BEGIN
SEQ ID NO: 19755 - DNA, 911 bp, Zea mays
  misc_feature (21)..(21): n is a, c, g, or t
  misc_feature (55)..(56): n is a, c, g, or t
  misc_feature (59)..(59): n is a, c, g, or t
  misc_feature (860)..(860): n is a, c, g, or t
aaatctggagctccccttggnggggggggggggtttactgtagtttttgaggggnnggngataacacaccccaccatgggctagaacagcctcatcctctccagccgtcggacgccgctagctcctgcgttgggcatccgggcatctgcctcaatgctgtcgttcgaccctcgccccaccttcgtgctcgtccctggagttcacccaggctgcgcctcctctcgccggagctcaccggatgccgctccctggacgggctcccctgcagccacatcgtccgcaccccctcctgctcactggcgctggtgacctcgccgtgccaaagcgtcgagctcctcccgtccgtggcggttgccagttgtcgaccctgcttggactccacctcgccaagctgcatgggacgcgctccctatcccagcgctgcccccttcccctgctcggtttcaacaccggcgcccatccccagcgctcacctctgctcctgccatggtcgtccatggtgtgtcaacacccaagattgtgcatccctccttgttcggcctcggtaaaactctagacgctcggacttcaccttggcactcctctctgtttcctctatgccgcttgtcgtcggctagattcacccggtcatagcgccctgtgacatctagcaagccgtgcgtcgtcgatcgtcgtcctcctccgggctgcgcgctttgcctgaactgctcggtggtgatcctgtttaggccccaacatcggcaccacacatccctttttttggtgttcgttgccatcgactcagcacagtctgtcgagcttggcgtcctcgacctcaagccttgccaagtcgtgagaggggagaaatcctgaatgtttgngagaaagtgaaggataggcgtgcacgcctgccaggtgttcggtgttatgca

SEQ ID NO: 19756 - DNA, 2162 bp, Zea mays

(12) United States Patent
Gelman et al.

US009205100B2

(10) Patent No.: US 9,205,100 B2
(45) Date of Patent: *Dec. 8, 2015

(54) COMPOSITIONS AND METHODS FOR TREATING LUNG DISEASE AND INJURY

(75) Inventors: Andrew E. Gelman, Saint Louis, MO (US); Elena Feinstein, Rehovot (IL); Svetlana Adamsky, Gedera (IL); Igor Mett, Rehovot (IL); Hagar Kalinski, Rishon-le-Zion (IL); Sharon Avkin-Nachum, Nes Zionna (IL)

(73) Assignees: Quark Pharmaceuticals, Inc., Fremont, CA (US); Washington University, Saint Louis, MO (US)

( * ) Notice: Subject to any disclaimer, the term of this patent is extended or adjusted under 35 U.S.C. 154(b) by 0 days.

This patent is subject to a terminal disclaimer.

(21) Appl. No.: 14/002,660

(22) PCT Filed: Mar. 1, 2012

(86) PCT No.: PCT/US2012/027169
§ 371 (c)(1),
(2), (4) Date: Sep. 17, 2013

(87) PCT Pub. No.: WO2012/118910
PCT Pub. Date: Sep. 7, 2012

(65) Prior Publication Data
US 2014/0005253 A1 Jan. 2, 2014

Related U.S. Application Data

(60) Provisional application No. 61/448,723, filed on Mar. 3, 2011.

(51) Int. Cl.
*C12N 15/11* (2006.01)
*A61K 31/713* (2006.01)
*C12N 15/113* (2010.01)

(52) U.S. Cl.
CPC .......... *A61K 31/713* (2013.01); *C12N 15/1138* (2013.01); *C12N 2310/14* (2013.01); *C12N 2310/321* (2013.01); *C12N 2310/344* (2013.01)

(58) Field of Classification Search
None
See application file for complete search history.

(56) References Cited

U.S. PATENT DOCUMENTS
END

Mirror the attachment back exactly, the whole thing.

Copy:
SEQ ID NO: 19755 - DNA, 911 bp, Zea mays
  misc_feature (21)..(21): n is a, c, g, or t
  misc_feature (55)..(56): n is a, c, g, or t
  misc_feature (59)..(59): n is a, c, g, or t
  misc_feature (860)..(860): n is a, c, g, or t
aaatctggagctccccttggnggggggggggggtttactgtagtttttgaggggnnggngataacacaccccaccatgggctagaacagcctcatcctctccagccgtcggacgccgctagctcctgcgttgggcatccgggcatctgcctcaatgctgtcgttcgaccctcgccccaccttcgtgctcgtccctggagttcacccaggctgcgcctcctctcgccggagctcaccggatgccgctccctggacgggctcccctgcagccacatcgtccgcaccccctcctgctcactggcgctggtgacctcgccgtgccaaagcgtcgagctcctcccgtccgtggcggttgccagttgtcgaccctgcttggactccacctcgccaagctgcatgggacgcgctccctatcccagcgctgcccccttcccctgctcggtttcaacaccggcgcccatccccagcgctcacctctgctcctgccatggtcgtccatggtgtgtcaacacccaagattgtgcatccctccttgttcggcctcggtaaaactctagacgctcggacttcaccttggcactcctctctgtttcctctatgccgcttgtcgtcggctagattcacccggtcatagcgccctgtgacatctagcaagccgtgcgtcgtcgatcgtcgtcctcctccgggctgcgcgctttgcctgaactgctcggtggtgatcctgtttaggccccaacatcggcaccacacatccctttttttggtgttcgttgccatcgactcagcacagtctgtcgagcttggcgtcctcgacctcaagccttgccaagtcgtgagaggggagaaatcctgaatgtttgngagaaagtgaaggataggcgtgcacgcctgccaggtgttcggtgttatgca

SEQ ID NO: 19756 - DNA, 2162 bp, Zea mays

(12) United States Patent
Gelman et al.

US009205100B2

(10) Patent No.: US 9,205,100 B2
(45) Date of Patent: *Dec. 8, 2015

(54) COMPOSITIONS AND METHODS FOR TREATING LUNG DISEASE AND INJURY

(75) Inventors: Andrew E. Gelman, Saint Louis, MO (US); Elena Feinstein, Rehovot (IL); Svetlana Adamsky, Gedera (IL); Igor Mett, Rehovot (IL); Hagar Kalinski, Rishon-le-Zion (IL); Sharon Avkin-Nachum, Nes Zionna (IL)

(73) Assignees: Quark Pharmaceuticals, Inc., Fremont, CA (US); Washington University, Saint Louis, MO (US)

( * ) Notice: Subject to any disclaimer, the term of this patent is extended or adjusted under 35 U.S.C. 154(b) by 0 days.

This patent is subject to a terminal disclaimer.

(21) Appl. No.: 14/002,660

(22) PCT Filed: Mar. 1, 2012

(86) PCT No.: PCT/US2012/027169
§ 371 (c)(1),
(2), (4) Date: Sep. 17, 2013

(87) PCT Pub. No.: WO2012/118910
PCT Pub. Date: Sep. 7, 2012

(65) Prior Publication Data
US 2014/0005253 A1 Jan. 2, 2014

Related U.S. Application Data

(60) Provisional application No. 61/448,723, filed on Mar. 3, 2011.

(51) Int. Cl.
*C12N 15/11* (2006.01)
*A61K 31/713* (2006.01)
*C12N 15/113* (2010.01)

(52) U.S. Cl.
CPC .......... *A61K 31/713* (2013.01); *C12N 15/1138* (2013.01); *C12N 2310/14* (2013.01); *C12N 2310/321* (2013.01); *C12N 2310/344* (2013.01)

(58) Field of Classification Search
None
See application file for complete search history.

(56) References Cited

U.S. PATENT DOCUMENTS